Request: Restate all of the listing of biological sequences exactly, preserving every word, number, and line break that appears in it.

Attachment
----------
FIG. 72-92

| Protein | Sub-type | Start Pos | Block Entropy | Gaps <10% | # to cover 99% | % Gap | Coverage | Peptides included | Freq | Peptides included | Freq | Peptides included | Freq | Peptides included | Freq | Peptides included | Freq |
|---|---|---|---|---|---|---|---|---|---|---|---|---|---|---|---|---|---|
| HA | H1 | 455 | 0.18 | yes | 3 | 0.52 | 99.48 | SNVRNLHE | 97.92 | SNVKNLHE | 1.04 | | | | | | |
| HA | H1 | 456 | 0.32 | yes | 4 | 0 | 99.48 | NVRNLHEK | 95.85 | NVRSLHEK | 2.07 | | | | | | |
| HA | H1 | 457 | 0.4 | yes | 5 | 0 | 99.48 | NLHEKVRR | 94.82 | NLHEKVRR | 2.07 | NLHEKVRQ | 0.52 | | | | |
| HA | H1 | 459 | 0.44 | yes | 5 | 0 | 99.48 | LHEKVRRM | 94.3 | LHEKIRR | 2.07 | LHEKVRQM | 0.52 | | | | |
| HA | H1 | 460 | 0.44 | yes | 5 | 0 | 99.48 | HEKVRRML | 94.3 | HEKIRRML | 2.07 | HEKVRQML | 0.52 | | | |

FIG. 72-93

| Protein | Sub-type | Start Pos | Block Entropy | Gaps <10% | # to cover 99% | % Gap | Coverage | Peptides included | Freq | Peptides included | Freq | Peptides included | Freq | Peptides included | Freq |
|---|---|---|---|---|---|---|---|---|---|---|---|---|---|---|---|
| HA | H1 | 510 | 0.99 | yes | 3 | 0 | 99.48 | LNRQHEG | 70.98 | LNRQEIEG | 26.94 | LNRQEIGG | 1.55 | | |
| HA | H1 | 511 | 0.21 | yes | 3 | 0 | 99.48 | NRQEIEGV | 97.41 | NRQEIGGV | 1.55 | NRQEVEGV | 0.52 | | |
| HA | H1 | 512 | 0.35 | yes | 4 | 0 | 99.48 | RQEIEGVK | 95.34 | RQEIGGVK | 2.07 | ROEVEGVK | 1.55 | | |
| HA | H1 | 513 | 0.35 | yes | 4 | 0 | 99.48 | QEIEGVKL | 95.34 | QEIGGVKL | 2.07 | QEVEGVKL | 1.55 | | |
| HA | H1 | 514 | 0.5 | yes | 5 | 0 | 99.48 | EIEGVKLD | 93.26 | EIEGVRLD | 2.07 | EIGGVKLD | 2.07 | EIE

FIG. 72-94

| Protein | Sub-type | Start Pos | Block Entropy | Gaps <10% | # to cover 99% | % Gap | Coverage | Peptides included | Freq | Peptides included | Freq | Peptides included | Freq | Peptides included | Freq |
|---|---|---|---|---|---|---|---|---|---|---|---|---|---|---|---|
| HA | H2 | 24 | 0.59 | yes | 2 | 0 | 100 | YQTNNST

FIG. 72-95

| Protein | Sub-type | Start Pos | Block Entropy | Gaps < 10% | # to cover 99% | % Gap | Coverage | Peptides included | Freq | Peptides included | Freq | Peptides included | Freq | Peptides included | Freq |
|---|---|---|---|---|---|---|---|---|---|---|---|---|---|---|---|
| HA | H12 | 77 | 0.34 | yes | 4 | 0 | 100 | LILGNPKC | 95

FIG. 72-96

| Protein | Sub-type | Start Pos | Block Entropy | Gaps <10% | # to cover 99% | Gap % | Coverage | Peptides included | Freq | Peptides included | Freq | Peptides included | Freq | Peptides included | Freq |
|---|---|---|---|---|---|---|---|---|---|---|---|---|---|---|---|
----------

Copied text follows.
FIG. 72-92

| Protein | Sub-type | Start Pos | Block Entropy | Gaps <10% | # to cover 99% | % Gap | Coverage | Peptides included | Freq | Peptides included | Freq | Peptides included | Freq | Peptides included | Freq | Peptides included | Freq |
|---|---|---|---|---|---|---|---|---|---|---|---|---|---|---|---|---|---|
| HA | H1 | 455 | 0.18 | yes | 3 | 0.52 | 99.48 | SNVRNLHE | 97.92 | SNVKNLHE | 1.04 | | | | | | |
| HA | H1 | 456 | 0.32 | yes | 4 | 0 | 99.48 | NVRNLHEK | 95.85 | NVRSLHEK | 2.07 | | | | | | |
| HA | H1 | 457 | 0.4 | yes | 5 | 0 | 99.48 | NLHEKVRR | 94.82 | NLHEKVRR | 2.07 | NLHEKVRQ | 0.52 | | | | |
| HA | H1 | 459 | 0.44 | yes | 5 | 0 | 99.48 | LHEKVRRM | 94.3 | LHEKIRR | 2.07 | LHEKVRQM | 0.52 | | | | |
| HA | H1 | 460 | 0.44 | yes | 5 | 0 | 99.48 | HEKVRRML | 94.3 | HEKIRRML | 2.07 | HEKVRQML | 0.52 | | | |

FIG. 72-93

| Protein | Sub-type | Start Pos | Block Entropy | Gaps <10% | # to cover 99% | % Gap | Coverage | Peptides included | Freq | Peptides included | Freq | Peptides included | Freq | Peptides included | Freq |
|---|---|---|---|---|---|---|---|---|---|---|---|---|---|---|---|
| HA | H1 | 510 | 0.99 | yes | 3 | 0 | 99.48 | LNRQHEG | 70.98 | LNRQEIEG | 26.94 | LNRQEIGG | 1.55 | | |
| HA | H1 | 511 | 0.21 | yes | 3 | 0 | 99.48 | NRQEIEGV | 97.41 | NRQEIGGV | 1.55 | NRQEVEGV | 0.52 | | |
| HA | H1 | 512 | 0.35 | yes | 4 | 0 | 99.48 | RQEIEGVK | 95.34 | RQEIGGVK | 2.07 | ROEVEGVK | 1.55 | | |
| HA | H1 | 513 | 0.35 | yes | 4 | 0 | 99.48 | QEIEGVKL | 95.34 | QEIGGVKL | 2.07 | QEVEGVKL | 1.55 | | |
| HA | H1 | 514 | 0.5 | yes | 5 | 0 | 99.48 | EIEGVKLD | 93.26 | EIEGVRLD | 2.07 | EIGGVKLD | 2.07 | EIE

FIG. 72-94

| Protein | Sub-type | Start Pos | Block Entropy | Gaps <10% | # to cover 99% | % Gap | Coverage | Peptides included | Freq | Peptides included | Freq | Peptides included | Freq | Peptides included | Freq |
|---|---|---|---|---|---|---|---|---|---|---|---|---|---|---|---|
| HA | H2 | 24 | 0.59 | yes | 2 | 0 | 100 | YQTNNST

FIG. 72-95

| Protein | Sub-type | Start Pos | Block Entropy | Gaps < 10% | # to cover 99% | % Gap | Coverage | Peptides included | Freq | Peptides included | Freq | Peptides included | Freq | Peptides included | Freq |
|---|---|---|---|---|---|---|---|---|---|---|---|---|---|---|---|
| HA | H12 | 77 | 0.34 | yes | 4 | 0 | 100 | LILGNPKC | 95

FIG. 72-96

| Protein | Sub-type | Start Pos | Block Entropy | Gaps <10% | # to cover 99% | Gap % | Coverage | Peptides included | Freq | Peptides included | Freq | Peptides included | Freq | Peptides included | Freq |
|---|---|---|---|---|---|---|---|---|---|---|---|---|---|---|---|